personal blog: simon

being on time, if not early, is a prerequisite to my sister’s good mood, and for a moment I sit in my car squeezing the steering wheel.

as I sat squeezing the steering wheel just over two years ago. I wondered should certain traditions be purged as I typed the hospital address to the Google Maps.

I leave my car embarking on the unknown. it can go either way. well or poorly.

“Simon.” my sister’s wave in a distance and a call with a smile. it’s a good start although I dread this meeting already. my wave however small. “hi.” she squeezes my arm. “how you’ve been?” her smile expanding. joy plastered across her face. Gemma’s rusty red lips quivering. a twitch she expressed as a child when she was nervous. but, I don’t care much for the colour of the lipstick, if anything it looks a little trashy.

“fine.” my answer without caring to ask her likewise and we enter the bakery. Gemma does this all the time, setting up meeting during the time of her errands.

“good… good,” and takes a whiff. “it smells so good in here.”

“it’s a bakery.” I mutter stating the obvious and deliberate smugness. every bakery smells good.

“oh. stop.” she strikes my arm for acting like a smartass “let’s get an expresso,” and clasps her hands together with wickedness, as if to be a disobedient mom for a moment. like breaking a curfew or straying from the routine or godly path.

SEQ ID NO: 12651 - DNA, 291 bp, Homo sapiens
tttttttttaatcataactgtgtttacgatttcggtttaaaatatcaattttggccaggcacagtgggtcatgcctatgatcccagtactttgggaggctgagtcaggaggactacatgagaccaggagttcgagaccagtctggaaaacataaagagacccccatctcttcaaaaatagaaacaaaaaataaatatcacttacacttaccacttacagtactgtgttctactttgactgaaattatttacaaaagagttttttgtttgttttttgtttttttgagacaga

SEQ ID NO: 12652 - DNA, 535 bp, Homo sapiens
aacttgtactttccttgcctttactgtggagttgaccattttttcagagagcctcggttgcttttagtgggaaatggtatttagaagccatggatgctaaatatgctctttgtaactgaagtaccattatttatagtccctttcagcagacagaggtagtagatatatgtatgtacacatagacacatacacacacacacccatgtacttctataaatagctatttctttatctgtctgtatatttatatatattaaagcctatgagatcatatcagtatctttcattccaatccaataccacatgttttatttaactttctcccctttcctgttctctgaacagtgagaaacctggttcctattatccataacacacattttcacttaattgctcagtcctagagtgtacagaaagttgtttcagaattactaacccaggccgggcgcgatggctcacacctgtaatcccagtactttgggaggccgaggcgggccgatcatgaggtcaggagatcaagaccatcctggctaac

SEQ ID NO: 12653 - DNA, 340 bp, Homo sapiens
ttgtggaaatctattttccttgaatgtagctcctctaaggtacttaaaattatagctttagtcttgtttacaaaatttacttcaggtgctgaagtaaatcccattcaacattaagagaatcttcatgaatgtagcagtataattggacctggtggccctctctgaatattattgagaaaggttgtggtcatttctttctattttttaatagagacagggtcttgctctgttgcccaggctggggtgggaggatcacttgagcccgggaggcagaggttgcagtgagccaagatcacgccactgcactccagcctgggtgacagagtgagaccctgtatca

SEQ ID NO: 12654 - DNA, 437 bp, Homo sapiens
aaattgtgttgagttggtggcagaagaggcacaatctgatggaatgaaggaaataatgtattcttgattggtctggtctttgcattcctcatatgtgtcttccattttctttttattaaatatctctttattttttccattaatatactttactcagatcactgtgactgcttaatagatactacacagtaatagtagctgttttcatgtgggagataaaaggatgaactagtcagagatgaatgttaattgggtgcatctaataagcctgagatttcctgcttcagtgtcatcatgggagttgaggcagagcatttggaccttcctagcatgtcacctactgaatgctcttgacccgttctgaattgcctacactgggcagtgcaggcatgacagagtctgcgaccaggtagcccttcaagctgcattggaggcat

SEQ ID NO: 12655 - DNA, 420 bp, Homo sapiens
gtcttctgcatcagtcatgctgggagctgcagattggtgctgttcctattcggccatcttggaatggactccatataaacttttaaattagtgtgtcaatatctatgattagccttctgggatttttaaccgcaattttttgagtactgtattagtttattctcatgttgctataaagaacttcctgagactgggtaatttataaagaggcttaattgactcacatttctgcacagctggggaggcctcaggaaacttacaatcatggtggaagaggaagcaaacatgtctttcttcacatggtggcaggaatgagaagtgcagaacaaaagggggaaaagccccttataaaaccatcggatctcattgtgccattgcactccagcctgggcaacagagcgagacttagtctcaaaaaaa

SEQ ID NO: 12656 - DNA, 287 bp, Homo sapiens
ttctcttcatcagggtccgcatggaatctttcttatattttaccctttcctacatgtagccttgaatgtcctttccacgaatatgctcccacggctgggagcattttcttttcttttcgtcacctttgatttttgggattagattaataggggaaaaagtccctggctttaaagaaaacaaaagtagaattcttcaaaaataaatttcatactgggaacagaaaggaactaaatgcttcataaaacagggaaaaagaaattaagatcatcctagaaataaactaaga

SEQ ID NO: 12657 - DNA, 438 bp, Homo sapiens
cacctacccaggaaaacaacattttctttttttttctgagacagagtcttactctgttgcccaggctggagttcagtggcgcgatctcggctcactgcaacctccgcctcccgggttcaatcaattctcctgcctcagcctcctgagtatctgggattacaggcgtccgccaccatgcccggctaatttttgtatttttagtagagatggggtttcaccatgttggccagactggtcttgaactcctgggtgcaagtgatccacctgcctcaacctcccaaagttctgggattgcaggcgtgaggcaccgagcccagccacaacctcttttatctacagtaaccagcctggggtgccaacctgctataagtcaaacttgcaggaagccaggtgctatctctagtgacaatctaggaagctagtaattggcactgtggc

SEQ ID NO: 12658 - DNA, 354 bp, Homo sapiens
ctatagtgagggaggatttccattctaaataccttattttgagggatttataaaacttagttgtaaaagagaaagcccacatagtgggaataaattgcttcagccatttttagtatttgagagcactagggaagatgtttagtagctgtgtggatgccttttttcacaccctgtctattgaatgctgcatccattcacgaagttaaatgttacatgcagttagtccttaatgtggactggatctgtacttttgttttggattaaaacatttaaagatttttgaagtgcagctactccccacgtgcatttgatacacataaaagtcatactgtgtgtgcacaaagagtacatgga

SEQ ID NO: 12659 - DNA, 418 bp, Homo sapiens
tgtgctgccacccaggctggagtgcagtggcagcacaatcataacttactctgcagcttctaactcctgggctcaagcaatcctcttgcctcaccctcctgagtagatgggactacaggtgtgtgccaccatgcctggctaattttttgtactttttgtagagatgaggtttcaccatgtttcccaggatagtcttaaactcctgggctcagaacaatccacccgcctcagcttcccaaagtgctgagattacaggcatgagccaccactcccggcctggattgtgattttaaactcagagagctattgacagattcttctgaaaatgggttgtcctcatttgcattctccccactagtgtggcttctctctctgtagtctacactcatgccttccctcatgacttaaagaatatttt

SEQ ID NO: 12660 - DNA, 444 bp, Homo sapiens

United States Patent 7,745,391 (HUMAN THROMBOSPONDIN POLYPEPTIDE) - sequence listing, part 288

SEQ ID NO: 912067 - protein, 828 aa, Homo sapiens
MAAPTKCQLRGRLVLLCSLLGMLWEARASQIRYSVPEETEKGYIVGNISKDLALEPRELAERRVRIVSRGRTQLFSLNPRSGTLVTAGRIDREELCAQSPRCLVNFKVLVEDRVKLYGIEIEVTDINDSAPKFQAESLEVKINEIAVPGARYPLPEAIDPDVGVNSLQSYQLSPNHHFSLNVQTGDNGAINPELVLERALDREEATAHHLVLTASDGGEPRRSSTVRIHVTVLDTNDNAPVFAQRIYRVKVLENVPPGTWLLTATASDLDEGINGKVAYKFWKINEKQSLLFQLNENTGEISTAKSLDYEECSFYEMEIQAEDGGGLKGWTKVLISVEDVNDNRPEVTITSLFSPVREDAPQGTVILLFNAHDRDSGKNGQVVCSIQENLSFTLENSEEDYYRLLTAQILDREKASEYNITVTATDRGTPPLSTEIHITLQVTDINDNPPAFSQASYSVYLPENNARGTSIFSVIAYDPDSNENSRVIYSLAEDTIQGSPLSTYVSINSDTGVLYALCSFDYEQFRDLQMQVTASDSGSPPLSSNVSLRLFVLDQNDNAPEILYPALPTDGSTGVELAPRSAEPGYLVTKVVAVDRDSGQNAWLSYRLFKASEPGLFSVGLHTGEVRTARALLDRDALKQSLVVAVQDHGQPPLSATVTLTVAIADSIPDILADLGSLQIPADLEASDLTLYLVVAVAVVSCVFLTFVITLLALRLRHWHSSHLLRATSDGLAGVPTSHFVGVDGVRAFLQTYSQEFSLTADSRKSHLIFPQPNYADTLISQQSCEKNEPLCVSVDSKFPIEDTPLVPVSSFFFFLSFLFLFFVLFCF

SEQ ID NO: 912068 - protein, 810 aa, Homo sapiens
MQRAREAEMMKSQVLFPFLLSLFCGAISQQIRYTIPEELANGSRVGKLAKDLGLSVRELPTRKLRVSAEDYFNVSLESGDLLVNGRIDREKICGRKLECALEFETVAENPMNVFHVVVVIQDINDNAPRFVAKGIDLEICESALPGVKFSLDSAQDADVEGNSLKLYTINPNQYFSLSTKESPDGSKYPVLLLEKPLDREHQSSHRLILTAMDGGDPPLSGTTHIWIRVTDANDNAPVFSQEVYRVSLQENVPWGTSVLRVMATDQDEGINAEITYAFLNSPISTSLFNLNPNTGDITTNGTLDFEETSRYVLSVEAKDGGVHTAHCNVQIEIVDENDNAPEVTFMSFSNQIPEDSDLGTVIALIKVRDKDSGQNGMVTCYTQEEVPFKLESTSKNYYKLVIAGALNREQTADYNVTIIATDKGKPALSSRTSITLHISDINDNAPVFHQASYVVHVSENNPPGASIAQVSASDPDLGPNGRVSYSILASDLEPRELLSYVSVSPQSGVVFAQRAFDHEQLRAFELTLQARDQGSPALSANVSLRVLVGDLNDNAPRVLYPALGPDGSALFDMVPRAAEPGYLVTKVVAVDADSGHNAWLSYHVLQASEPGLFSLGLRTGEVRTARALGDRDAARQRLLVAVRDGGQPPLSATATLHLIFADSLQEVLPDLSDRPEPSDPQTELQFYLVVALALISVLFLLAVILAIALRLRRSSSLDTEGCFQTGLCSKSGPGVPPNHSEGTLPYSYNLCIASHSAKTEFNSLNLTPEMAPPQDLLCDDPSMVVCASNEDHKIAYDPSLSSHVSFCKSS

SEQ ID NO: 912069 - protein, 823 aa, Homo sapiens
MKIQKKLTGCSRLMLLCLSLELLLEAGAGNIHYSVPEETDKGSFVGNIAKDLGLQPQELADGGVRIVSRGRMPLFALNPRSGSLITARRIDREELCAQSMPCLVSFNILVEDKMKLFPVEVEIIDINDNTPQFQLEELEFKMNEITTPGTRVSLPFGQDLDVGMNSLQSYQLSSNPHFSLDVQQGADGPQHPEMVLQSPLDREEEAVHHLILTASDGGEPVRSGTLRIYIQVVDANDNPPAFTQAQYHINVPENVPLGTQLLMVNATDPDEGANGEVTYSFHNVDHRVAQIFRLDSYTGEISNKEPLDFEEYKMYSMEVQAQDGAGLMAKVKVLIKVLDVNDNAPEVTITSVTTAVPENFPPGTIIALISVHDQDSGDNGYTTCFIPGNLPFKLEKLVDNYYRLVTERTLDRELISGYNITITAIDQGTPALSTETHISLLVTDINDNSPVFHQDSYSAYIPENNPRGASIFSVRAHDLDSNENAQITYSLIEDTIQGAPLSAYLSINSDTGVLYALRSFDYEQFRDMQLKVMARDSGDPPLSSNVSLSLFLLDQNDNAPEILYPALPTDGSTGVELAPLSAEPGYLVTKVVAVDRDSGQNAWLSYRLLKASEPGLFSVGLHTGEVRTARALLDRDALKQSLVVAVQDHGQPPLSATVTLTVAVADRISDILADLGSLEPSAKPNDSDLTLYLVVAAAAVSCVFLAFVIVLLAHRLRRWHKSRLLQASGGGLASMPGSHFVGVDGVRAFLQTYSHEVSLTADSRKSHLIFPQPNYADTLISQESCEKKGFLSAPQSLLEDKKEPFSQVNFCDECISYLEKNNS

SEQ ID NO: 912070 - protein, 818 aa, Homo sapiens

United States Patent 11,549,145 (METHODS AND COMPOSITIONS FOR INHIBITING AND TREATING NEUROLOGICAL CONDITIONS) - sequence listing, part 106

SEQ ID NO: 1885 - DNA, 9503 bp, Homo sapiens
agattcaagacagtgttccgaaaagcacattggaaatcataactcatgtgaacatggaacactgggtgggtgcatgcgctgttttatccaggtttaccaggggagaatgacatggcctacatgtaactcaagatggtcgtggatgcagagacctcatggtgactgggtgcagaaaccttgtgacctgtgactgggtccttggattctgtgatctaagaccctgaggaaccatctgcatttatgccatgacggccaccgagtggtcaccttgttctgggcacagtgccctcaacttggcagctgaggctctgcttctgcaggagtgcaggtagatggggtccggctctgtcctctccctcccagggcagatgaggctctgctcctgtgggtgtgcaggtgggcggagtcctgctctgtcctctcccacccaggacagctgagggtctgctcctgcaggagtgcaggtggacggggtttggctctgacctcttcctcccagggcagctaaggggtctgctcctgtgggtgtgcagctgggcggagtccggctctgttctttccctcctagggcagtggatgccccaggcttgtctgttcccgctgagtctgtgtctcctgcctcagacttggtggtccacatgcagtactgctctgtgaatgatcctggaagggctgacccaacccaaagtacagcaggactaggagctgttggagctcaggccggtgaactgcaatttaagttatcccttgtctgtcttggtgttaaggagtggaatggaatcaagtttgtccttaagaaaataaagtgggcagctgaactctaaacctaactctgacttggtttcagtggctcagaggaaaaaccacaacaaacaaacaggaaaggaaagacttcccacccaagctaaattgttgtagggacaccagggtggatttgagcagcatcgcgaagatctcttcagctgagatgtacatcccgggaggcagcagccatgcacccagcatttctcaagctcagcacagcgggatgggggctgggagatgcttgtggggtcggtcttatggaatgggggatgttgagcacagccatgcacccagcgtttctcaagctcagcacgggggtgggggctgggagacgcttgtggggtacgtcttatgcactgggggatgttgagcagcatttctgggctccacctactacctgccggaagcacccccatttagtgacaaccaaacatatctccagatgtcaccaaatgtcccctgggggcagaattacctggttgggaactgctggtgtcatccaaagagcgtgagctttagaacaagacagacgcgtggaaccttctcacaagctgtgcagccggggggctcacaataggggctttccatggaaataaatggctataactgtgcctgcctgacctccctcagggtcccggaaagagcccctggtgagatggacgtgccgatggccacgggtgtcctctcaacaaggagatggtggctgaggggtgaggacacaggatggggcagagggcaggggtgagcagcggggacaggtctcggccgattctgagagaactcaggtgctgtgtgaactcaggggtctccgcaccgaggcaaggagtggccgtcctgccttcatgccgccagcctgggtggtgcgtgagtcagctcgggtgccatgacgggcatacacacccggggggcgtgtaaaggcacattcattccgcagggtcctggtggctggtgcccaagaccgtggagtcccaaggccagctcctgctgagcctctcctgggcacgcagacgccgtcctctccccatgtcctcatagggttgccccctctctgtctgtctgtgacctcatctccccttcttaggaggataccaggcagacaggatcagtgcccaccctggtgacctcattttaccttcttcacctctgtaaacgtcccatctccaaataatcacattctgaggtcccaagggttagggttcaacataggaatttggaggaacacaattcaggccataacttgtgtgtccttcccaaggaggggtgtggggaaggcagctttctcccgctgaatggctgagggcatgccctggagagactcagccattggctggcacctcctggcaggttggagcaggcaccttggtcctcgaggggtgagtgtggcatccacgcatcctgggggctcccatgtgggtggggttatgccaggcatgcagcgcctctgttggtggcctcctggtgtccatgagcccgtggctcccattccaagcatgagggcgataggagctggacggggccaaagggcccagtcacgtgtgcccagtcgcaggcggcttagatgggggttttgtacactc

“sure.” my exhale of indifference and I scroll to my sister’s last words.

“you’re selfish… selfish,” her hurt carried to my core as she swept the crumbs off the table, turning her back to me to make a definitive statement that the conversation was over. then with bitterness, “you’re breaking mom’s heart.”

“I’m here, aren’t I?” my question. an endorsement of my presence.

“but, you won’t see him?” Gemma argues once again hurt.

“no. I won’t.” the heavy stern in my statement and Gemma’s face sourly wrinkles.

that smell of the hospital and I didn’t see my father that day, just over two years ago.

“how is Isaac?” I ask after we make our orders.

“he started senior kindergarten.” seemingly glad that I have asked the question.